But do we really need these stories right now? Why are they so prevalent? The aforementioned celebs certainly aren’t the first ones to overcome something and thus earn a place in our hearts (just ask Oprah Winfrey, who came into our lives in the late ‘80s after conquering a horrible childhood that included allegations of rape and, later, a miscarriage in her early teens).
Still, it’s impossible to deny the relevance of the underdog story right now, especially in the face of the Te’o story. We want it so bad, we were willing to believe it blindly. We shouldn't beat ourselves up too greatly: it makes sense in America right now. The economic climate has been bleak since the housing crisis, unemployment rates have steadily risen for the past 10 years, and the future is more precarious than ever. It’s in times like these that entertainment begins to reflect our fears. Looking back at the 1930s, during and after the Great Depression, we saw the emergence of superheroes like Captain America, who overcame his cripplingly tiny stature to become a freedom fighter with a dose of Super Serum, and Batman, an orphan who grew up to own a multi-national corporation and a secret cave of tools for fighting crime. When times are tough, we seek triumph over hardship in entertainment, and that pattern is clearly in effect today. Add to that pattern a hopeless addiction to reality TV and celebs like Kim Kardashian (who lacks any discernible talent, but packs a tawdry back story), and it's not hard to see how we've landed here with a pile of overcomers on a pedestal.
The question that remains is, what will happen next? Now that stories like Te’o’s and Armstrong’s have shattered the shiny surface of the classic underdog tale, are we growing weary of it? Is that why watching American Idol judges crush a cancer survivor’s dreams is a possibility now? Now that the underdog is everywhere, are we moments away from being bored with him?
Follow Kelsea on Twitter @KelseaStahler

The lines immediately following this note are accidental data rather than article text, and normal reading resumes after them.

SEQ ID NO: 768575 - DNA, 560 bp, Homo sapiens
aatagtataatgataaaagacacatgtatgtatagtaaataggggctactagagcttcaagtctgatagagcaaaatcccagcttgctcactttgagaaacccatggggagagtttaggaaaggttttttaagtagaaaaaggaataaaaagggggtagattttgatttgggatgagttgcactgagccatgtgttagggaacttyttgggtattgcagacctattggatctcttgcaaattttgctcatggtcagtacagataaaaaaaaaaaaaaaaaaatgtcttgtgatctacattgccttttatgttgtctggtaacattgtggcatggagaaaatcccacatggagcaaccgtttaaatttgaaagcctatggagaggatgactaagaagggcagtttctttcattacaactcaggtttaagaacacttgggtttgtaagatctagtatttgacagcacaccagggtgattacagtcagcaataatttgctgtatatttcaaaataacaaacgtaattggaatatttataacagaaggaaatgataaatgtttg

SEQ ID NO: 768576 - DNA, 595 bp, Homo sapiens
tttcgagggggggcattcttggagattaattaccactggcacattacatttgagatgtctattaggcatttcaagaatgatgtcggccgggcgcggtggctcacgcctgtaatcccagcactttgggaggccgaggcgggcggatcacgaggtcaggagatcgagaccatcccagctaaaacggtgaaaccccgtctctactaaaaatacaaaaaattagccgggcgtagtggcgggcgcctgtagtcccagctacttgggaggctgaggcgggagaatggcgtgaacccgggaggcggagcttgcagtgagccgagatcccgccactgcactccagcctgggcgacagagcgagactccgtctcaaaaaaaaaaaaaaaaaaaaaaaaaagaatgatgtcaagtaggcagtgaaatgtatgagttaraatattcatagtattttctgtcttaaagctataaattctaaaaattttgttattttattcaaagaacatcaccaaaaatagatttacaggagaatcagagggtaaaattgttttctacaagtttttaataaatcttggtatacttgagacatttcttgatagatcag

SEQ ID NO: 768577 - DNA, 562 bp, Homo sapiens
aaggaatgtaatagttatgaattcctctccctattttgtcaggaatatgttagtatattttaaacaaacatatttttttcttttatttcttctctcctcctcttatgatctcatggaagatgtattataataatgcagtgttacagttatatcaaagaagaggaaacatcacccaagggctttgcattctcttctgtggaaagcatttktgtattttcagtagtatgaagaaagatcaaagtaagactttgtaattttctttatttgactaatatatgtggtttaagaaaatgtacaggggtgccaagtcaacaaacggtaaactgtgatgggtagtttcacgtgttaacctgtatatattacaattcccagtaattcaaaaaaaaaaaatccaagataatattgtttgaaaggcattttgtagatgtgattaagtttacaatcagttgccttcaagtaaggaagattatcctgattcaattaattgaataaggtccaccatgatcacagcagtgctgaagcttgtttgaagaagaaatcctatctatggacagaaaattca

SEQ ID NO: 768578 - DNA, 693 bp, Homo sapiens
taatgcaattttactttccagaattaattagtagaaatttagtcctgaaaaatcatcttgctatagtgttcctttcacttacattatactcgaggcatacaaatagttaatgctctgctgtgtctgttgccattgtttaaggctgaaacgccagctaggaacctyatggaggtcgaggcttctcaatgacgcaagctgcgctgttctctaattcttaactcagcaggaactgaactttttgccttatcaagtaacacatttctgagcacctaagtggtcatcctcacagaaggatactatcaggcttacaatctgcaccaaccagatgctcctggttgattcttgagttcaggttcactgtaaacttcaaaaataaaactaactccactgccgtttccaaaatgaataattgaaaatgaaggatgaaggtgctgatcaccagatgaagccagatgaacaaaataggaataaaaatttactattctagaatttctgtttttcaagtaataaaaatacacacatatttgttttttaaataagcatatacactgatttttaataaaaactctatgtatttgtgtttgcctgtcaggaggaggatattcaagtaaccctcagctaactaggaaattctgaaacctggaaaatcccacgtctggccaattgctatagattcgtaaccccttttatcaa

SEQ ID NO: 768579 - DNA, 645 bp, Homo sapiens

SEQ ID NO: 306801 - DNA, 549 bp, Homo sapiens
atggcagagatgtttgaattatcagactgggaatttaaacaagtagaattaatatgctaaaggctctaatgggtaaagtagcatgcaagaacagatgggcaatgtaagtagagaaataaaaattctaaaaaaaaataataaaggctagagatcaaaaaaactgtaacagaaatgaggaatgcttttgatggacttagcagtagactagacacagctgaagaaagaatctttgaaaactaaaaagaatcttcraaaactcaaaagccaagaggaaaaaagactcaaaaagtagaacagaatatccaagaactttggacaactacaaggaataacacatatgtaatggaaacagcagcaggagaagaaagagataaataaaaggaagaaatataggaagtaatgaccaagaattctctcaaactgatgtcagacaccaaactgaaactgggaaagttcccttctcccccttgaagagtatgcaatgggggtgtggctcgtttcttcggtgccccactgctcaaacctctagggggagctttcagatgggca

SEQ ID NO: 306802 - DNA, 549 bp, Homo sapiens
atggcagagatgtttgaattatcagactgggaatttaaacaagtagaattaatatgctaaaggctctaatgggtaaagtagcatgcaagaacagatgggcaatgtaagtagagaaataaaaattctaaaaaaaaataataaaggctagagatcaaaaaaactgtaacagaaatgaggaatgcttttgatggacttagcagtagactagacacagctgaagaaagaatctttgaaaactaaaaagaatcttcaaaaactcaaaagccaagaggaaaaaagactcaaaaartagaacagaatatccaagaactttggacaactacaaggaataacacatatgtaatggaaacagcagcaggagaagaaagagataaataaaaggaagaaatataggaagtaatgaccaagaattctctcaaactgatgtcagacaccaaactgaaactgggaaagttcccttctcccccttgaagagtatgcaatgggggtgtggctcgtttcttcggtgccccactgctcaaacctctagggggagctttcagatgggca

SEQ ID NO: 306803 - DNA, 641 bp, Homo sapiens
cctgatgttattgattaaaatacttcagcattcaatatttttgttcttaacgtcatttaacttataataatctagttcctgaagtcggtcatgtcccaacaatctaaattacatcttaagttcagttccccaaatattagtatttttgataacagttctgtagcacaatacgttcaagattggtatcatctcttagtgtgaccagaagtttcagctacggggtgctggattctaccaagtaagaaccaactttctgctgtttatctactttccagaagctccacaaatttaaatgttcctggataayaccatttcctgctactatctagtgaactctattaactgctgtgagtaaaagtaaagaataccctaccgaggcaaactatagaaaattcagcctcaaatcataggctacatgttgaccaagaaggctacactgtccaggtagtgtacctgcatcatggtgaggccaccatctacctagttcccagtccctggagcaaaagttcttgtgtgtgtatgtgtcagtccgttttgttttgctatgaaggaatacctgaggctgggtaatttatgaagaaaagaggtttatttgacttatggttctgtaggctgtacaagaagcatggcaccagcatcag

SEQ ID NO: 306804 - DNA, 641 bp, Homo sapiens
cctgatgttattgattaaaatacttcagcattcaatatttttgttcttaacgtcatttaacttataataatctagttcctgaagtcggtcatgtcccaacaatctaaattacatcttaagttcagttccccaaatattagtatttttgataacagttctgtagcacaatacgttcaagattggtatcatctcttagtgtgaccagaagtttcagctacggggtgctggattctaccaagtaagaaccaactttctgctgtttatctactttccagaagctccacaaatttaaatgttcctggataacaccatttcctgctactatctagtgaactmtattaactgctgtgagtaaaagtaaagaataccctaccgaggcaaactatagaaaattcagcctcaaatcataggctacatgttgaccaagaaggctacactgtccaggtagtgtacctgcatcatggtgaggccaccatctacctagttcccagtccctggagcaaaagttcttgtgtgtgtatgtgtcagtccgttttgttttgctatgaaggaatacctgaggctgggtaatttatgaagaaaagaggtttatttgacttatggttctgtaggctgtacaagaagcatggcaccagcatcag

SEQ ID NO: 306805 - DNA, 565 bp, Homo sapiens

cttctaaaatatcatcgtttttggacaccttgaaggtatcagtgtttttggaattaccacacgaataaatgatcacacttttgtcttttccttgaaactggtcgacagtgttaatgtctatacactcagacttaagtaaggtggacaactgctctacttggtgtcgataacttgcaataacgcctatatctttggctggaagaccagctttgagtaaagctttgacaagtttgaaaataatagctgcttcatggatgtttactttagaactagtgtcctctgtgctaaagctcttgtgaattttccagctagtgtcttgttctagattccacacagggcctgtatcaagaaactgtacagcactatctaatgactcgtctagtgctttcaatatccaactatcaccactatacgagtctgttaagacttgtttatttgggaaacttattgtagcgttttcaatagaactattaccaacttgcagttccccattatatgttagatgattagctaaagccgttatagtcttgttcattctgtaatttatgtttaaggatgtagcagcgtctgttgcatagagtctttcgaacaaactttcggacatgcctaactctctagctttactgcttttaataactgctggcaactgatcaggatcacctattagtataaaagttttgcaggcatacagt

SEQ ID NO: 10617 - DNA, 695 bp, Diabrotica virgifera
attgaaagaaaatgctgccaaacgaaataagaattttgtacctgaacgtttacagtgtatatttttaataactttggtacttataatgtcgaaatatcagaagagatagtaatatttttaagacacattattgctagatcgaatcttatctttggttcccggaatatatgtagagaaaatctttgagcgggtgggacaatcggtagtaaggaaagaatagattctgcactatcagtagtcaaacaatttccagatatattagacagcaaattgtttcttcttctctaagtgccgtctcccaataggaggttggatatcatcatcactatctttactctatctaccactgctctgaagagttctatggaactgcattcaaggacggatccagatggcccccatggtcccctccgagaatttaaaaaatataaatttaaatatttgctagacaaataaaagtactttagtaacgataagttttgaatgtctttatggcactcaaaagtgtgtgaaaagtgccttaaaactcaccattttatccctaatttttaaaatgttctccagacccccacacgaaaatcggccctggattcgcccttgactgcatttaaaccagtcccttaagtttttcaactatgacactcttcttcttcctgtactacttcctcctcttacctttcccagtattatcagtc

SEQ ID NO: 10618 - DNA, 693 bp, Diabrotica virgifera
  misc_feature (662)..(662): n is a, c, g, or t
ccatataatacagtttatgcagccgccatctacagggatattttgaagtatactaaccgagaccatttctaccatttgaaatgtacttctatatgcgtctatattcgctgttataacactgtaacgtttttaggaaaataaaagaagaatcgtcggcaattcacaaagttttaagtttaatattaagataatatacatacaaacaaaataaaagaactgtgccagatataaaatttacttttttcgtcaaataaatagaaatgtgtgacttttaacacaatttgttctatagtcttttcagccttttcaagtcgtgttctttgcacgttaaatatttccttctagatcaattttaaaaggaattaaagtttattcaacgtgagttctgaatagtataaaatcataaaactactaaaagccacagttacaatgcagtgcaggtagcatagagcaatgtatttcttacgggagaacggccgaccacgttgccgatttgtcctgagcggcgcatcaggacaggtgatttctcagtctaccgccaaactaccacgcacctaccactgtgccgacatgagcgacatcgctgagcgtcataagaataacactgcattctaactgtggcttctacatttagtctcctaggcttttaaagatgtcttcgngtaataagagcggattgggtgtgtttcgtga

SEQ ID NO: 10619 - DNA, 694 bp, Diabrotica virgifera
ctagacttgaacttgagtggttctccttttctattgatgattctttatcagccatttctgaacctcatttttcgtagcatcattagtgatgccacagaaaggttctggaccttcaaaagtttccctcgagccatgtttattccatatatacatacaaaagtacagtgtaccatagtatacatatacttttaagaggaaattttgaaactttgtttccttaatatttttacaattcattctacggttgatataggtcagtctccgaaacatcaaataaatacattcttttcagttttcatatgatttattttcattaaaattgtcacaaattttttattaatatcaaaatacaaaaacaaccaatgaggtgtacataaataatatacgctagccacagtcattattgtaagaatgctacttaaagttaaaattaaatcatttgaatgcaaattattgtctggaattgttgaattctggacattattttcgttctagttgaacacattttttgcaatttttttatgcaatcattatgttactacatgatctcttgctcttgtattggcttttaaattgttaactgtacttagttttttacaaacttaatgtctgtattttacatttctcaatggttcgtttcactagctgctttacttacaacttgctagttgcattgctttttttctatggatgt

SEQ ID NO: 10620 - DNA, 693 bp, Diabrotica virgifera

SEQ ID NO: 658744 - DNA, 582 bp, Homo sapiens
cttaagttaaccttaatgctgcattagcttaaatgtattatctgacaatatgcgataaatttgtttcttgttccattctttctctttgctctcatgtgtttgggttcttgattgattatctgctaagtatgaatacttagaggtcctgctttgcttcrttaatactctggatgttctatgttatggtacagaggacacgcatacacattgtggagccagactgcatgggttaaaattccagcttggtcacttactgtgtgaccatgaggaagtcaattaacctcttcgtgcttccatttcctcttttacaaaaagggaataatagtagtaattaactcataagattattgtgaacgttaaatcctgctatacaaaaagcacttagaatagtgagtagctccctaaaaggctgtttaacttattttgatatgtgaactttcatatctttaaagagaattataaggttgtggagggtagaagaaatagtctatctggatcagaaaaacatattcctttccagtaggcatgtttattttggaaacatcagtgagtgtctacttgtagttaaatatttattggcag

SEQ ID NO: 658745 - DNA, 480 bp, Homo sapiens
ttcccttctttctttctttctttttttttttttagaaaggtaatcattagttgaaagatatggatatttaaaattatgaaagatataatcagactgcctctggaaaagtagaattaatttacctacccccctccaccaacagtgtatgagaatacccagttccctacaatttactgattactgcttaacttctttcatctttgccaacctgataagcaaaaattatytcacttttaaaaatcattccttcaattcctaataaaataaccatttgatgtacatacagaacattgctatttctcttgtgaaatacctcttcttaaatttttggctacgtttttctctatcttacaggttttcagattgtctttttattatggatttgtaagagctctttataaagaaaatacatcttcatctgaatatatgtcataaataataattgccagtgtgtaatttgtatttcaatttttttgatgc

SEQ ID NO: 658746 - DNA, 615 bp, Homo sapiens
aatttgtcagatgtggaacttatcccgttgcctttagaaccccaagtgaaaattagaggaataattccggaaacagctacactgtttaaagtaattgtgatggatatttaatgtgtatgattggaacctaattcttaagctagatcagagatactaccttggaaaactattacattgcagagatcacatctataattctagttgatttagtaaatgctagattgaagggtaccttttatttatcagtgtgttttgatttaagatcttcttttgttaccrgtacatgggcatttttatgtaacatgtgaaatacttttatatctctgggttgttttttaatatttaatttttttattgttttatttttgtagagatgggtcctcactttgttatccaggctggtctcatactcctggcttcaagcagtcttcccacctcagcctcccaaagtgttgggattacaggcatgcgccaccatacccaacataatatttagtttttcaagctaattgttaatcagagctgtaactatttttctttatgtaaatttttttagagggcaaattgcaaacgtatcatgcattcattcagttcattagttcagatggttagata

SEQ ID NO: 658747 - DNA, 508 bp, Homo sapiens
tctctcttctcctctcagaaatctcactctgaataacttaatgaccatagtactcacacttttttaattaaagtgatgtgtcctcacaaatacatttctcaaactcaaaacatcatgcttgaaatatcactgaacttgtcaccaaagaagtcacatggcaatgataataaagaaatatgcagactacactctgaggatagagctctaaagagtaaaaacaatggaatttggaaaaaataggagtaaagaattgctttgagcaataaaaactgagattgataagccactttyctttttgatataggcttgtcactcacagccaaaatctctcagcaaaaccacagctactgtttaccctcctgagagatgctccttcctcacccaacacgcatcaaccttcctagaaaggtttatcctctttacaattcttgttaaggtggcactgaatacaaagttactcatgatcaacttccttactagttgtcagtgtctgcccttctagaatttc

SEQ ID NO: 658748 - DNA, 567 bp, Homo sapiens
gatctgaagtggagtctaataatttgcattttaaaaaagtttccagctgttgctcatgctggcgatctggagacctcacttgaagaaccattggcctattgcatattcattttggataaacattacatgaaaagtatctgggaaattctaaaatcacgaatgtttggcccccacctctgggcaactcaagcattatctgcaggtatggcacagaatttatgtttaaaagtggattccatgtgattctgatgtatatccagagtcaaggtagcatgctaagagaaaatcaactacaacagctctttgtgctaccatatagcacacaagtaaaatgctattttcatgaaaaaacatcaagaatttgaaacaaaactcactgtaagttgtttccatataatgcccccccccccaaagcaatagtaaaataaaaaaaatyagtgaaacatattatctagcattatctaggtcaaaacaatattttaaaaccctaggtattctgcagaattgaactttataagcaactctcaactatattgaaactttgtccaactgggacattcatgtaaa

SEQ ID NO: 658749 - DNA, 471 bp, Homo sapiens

[Photo Credit: Getty; WENN]
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Brolin and Driver to wed
Jews are angry
Smile, Mrs. Dirty Harry
Moore birthday bash
Pryor turns street
Beastie Boys are back
Brando takes ill
Brolin and Driver to wed
Actor Josh Brolin (Hollowman, The Mod Squad) and actress Minnie Driver (Return To Me, Good Will Hunting) are engaged to be wed, People magazine reports.
This is the third wedding for Brolin, who was married previously to Deborah Adair. Brolin's first wife, Jane, died in 1995. Brolin has two children, Trevor, 12, and Eden, 8.
This will be the first trip down the aisle for Driver, who previously dated Matt Damon and John Cusack.
Brolin -- son of famed actor James Brolin and stepson of Barbra Streisand -- and Driver became romantically involved when they costarred in Slow Burn.
"It's obvious they are very much in love," Danny McKeever, Brolin's auto-racing instructor, told reporters.
No wedding date has been set yet, People reported.
Comic strip "BC" defames Jews, says Jewish group
The Simon Weisenthal Center, a nonprofit Jewish civil rights organization, is asking newspapers that carry the syndicated comic strip BC not to run Sunday's cartoon.
The strip portrays a Menorah, a Jewish symbol, in the first panel, under a quote by Jesus: "Father, forgive them: for they know not what they do." Succeeding panels then show the Menorah morphing into a cross, with more of Jesus' last words atop each panel. The final panel's quote, "Do this in remembrance of me," frames a picture of a cave, presumably Jesus' final resting place.
The founder and director of the Weisenthal Center, Rabbi Marvin Heir, said that newspapers have a duty not to run the strip, as it describes Judaism being "subsumed" or encompassed by Christianity, Reuters reported. The strip "will promote hatred rather than tolerance and diversity," Heir said.
A statement released by Johnny Hart, creator of BC, defends his work, saying that during a week that is holy for both Christians and Jews this year, he was trying to honor both.
The Simon Weisenthal Center, located in Los Angeles, is named in memory of Nazi hunter Simon Weisenthal.
Dirty Harry's wife on "Camera"
Smile, you're on Candid Camera.
Dina Ruiz Eastwood, wife of Hollywood legend Clint Eastwood, will be saying that more often, having joined Candid Camera's team as the show's co-host.
Starting with the new fall season, Eastwood will co-anchor the show with Peter Funt, The Associated Press reports. Eastwood will take over for Suzanne Sommers, former star of Three's Company.
The Eastwoods, who appeared together in True Crime, have been married since 1996. Prior to taking her new gig as Camera's co-host, Eastwood was a news anchor for KSBW-TV (NBC) in Salinas, Calif. Prior to taking the gig as Camera's co-host, Eastwood was a news anchor for KSBW-TV (NBC) in Salinas, Calif.
Candid Camera airs Sunday evenings on Pax TV.
Former "Survivor" contestant gives deposition
America hasn't heard the last from the first season's cast members of the TV hit Survivor.
As part of ex-cast member Stacy Stillman's $70,000 lawsuit against CBS, fellow South Pacific islander Dirk Been delivered a videotaped deposition -- six hours in length -- to lawyers, according to a report by People magazine. Been's deposition will remain under wraps due to confidentiality agreements that each cast member signs before taping begins.